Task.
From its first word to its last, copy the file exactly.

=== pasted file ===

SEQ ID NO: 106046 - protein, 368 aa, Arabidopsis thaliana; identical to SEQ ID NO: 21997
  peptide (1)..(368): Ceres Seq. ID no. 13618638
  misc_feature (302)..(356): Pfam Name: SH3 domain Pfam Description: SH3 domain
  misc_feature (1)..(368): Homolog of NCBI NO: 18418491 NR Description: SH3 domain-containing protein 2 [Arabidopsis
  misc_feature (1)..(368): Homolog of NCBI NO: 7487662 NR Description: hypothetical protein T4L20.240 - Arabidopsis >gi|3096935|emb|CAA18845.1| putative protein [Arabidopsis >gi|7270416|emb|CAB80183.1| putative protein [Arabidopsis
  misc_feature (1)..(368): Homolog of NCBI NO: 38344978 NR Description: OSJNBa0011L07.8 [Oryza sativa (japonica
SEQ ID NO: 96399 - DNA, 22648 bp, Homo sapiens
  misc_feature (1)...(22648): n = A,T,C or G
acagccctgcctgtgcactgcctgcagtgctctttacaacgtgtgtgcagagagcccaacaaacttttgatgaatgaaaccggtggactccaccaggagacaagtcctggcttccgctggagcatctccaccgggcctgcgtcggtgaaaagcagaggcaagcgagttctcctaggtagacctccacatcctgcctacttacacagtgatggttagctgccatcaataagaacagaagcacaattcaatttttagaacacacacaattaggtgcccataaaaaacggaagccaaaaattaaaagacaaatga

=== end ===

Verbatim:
SEQ ID NO: 106046 - protein, 368 aa, Arabidopsis thaliana; identical to SEQ ID NO: 21997
  peptide (1)..(368): Ceres Seq. ID no. 13618638
  misc_feature (302)..(356): Pfam Name: SH3 domain Pfam Description: SH3 domain
  misc_feature (1)..(368): Homolog of NCBI NO: 18418491 NR Description: SH3 domain-containing protein 2 [Arabidopsis
  misc_feature (1)..(368): Homolog of NCBI NO: 7487662 NR Description: hypothetical protein T4L20.240 - Arabidopsis >gi|3096935|emb|CAA18845.1| putative protein [Arabidopsis >gi|7270416|emb|CAB80183.1| putative protein [Arabidopsis
  misc_feature (1)..(368): Homolog of NCBI NO: 38344978 NR Description: OSJNBa0011L07.8 [Oryza sativa (japonica
SEQ ID NO: 96399 - DNA, 22648 bp, Homo sapiens
  misc_feature (1)...(22648): n = A,T,C or G
acagccctgcctgtgcactgcctgcagtgctctttacaacgtgtgtgcagagagcccaacaaacttttgatgaatgaaaccggtggactccaccaggagacaagtcctggcttccgctggagcatctccaccgggcctgcgtcggtgaaaagcagaggcaagcgagttctcctaggtagacctccacatcctgcctacttacacagtgatggttagctgccatcaataagaacagaagcacaattcaatttttagaacacacacaattaggtgcccataaaaaacggaagccaaaaattaaaagacaaatga